Marisa suggested that there was an expectation that young people would continue to perform well academically while navigating the various challenges thrown up by the pandemic. Marisa observed that this pressure was too much for some of her peers to bear:
I think recently during COVID there were a lot of suicides. I think it was really sad, especially since… well before that one of my friend’s brothers also committed suicide. I think it really impacted him in a terrible way and I think COVID just made it worse. I think a lot of kids are getting stressed by school and that’s sort of what causes them to feel really disheartened, because they’re so stressed. They just decide to end it, which really sucks! Because I feel like they shouldn’t feel like that.
Schools’ concern with academic performance often came at the expense of promoting ‘understanding more about the world’. Marisa wished that her education could provide her with knowledge, skills and capabilities that would benefit her not only in her future job or career, but in life more generally. Again, she suggested that time pressures often precluded this:
I feel like schools really pressure kids to always do better. And it’s a great thing to always want to improve, but there’s gotta be a point where you’ve got to realise that kids at this age want to understand more about the world, but you’ve got to give them the time to learn and understand it.
I think schools usually just chuck subjects in your face, and they were really good and interesting, but yeah, I think there needs to be more time allowed for kids to be able to explore things outside of school. Whether it’s maybe an extra subject they could study, or something they can do themselves, I feel like there should be more time for kids to do things outside of school. And in school as well, to learn more things about the world and learn things about themselves – discover what they like, what they don’t like, and to think about the world more, and like ethics and morals I suppose.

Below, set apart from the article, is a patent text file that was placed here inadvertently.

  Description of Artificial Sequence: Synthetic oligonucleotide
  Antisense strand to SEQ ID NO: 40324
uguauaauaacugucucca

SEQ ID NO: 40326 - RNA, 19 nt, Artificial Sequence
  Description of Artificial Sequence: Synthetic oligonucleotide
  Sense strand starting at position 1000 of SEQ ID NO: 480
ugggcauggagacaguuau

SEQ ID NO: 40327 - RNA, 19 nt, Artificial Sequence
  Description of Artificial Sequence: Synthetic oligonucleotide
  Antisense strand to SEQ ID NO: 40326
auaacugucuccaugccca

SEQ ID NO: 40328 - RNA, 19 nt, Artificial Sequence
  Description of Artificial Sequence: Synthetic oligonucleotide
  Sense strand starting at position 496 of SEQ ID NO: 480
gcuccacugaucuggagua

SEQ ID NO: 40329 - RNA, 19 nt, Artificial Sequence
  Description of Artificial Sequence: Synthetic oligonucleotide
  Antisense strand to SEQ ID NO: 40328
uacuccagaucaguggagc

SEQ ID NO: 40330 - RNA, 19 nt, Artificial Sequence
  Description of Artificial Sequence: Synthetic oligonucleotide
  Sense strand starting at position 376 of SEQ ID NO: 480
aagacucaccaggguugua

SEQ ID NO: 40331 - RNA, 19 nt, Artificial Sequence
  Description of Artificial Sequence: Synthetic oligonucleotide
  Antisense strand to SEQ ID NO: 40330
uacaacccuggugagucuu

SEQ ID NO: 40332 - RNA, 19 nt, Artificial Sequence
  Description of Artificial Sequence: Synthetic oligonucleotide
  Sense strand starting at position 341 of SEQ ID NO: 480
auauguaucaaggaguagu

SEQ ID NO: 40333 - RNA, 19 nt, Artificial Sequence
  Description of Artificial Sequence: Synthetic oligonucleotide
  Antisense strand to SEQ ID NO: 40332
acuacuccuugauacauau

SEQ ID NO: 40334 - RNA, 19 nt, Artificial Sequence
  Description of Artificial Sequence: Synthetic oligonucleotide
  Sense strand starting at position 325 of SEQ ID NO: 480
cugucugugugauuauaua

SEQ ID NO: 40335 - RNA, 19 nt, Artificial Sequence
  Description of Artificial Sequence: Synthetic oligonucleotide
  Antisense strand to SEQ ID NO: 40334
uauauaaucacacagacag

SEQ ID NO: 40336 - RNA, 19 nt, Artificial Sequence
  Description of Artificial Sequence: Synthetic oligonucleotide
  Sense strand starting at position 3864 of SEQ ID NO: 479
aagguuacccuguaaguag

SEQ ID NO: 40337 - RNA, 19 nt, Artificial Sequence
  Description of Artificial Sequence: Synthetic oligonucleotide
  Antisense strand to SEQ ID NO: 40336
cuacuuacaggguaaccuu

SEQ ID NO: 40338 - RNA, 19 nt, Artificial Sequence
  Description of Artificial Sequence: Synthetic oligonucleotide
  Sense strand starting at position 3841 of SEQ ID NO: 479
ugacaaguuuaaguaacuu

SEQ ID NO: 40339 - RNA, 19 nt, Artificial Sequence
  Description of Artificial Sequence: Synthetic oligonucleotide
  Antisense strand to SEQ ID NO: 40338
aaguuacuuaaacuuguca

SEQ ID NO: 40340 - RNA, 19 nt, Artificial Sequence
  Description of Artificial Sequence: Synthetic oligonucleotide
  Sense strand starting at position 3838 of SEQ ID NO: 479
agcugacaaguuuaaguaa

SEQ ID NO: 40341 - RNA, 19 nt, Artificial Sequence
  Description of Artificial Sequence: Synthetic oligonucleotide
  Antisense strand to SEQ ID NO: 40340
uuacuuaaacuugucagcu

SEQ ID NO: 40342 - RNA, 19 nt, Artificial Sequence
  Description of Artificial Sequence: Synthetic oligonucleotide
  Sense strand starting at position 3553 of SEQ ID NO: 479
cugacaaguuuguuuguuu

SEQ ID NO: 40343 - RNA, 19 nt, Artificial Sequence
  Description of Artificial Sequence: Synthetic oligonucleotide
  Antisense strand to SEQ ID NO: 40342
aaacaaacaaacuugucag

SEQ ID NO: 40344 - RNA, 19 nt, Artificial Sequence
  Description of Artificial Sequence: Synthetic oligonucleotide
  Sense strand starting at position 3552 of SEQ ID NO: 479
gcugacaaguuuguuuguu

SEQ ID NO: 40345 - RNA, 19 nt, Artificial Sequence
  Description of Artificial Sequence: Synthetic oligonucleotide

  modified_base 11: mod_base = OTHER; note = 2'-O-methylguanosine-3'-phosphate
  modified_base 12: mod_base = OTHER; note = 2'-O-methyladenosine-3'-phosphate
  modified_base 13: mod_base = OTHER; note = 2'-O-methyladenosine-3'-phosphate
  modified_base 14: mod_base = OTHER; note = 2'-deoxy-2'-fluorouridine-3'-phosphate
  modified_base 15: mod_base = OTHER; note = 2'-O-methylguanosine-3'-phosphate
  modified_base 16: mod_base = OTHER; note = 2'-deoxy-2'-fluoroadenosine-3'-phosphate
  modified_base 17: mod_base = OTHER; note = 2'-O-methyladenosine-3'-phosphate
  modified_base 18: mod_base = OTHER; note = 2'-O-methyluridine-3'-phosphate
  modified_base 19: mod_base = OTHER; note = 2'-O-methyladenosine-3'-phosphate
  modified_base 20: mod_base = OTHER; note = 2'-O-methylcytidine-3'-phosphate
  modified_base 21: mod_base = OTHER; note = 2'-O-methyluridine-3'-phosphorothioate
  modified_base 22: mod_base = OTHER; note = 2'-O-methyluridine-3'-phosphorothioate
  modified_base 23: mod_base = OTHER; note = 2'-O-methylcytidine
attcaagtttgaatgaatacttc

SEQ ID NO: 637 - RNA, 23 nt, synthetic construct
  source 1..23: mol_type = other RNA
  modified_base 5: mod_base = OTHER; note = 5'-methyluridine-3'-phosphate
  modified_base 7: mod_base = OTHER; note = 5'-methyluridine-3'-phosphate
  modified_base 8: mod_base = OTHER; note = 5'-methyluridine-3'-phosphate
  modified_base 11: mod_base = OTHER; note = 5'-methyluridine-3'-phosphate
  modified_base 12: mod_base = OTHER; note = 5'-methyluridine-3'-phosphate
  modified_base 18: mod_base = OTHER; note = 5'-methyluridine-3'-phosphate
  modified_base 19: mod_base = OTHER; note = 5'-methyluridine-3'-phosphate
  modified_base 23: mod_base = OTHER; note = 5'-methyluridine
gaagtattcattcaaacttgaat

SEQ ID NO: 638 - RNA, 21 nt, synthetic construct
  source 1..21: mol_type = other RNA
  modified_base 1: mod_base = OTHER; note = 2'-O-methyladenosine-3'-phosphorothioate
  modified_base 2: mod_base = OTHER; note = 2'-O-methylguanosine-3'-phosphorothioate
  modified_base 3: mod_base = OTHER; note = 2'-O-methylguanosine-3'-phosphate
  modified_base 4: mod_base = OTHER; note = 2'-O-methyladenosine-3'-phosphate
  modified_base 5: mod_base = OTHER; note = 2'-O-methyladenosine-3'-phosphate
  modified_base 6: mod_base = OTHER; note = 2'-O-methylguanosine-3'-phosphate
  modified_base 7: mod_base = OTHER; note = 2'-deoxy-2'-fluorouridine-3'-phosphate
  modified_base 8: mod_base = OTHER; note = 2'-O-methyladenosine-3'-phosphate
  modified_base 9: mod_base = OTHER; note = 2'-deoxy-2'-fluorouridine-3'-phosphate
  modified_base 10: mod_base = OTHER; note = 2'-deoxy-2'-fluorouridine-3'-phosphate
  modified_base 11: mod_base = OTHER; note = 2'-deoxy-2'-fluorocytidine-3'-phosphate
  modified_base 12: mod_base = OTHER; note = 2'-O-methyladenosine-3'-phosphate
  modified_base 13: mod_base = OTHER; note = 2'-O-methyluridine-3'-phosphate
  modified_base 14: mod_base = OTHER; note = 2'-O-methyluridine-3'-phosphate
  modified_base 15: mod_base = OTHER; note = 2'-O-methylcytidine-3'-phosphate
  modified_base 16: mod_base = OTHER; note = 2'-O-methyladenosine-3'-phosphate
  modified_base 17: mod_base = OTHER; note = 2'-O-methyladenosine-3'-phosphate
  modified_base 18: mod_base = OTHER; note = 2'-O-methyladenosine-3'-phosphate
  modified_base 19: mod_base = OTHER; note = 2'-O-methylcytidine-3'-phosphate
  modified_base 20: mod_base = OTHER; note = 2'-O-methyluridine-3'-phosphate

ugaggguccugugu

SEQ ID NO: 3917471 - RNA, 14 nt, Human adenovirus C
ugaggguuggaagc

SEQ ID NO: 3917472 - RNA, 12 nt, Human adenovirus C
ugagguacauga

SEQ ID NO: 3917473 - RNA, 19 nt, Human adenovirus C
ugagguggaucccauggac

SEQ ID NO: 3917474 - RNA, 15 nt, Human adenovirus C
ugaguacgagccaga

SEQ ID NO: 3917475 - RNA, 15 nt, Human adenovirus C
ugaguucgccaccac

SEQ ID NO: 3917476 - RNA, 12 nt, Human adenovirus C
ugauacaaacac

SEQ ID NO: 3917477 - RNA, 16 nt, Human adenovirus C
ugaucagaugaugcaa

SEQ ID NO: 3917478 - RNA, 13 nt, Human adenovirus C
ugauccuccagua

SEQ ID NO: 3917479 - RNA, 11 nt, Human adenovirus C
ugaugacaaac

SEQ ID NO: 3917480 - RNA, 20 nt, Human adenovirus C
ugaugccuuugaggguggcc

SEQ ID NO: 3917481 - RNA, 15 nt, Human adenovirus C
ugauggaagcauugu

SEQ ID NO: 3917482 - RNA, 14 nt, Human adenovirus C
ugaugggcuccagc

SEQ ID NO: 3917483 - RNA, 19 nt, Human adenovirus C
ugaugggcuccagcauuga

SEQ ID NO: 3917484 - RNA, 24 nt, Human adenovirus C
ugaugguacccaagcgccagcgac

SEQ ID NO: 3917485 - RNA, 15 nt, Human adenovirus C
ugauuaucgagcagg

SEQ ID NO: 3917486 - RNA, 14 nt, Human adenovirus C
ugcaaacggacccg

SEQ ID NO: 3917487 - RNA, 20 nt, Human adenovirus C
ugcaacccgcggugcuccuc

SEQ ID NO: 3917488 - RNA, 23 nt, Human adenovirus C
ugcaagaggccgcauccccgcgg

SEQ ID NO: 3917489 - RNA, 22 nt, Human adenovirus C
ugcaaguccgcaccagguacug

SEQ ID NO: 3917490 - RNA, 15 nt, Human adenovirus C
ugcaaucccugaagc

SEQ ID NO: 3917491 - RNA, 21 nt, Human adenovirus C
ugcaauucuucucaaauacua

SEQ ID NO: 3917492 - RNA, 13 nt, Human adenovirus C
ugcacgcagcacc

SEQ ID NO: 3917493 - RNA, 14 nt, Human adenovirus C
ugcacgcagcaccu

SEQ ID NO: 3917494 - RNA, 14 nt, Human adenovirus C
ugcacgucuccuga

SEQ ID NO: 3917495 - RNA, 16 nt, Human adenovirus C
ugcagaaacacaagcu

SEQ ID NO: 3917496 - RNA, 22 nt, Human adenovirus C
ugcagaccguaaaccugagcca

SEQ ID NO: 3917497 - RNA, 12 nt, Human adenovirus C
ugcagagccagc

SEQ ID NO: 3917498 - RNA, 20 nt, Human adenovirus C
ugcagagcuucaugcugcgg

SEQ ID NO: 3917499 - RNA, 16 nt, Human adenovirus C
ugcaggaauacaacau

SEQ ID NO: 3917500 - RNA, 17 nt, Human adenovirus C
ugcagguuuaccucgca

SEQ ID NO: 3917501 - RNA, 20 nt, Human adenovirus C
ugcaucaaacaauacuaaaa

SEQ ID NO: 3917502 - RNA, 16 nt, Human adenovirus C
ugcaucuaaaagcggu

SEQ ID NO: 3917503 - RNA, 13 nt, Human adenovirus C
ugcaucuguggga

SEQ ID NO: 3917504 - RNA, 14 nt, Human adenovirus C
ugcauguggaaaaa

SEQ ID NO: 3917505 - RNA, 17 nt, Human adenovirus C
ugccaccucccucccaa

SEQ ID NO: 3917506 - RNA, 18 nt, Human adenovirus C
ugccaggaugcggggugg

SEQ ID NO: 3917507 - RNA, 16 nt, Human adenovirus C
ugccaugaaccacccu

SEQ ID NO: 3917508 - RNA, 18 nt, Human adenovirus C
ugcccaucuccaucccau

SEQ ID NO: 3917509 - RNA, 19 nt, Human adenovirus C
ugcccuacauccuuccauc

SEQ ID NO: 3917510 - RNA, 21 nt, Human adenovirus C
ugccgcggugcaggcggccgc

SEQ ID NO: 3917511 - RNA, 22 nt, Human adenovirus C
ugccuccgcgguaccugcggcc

Marisa discussed how schools could facilitate young people exploring ethics and morals with reference to the example of jewellery and gems, a personal interest of hers. With the process of jewellery making involving practices which are often environmentally and socially destructive, she suggested it was important for young people, as consumers of these products, to learn about practices of ethical consumption:
I love jewellery, but I think usually, gold mining has been a really bad problem in Australia and in other countries, environmentally and socially. Usually local populations are taken advantage of to mine things. So it’s not really good. But I think it’d be great for kids to learn about that. Especially to learn how to buy things, ethically, as well. And to know and research, ‘hey, if I’m going to get something, where does it come from?’ So they’re not supporting something that hurts other people. I think kids really care about that nowadays, I think It’s really good as well.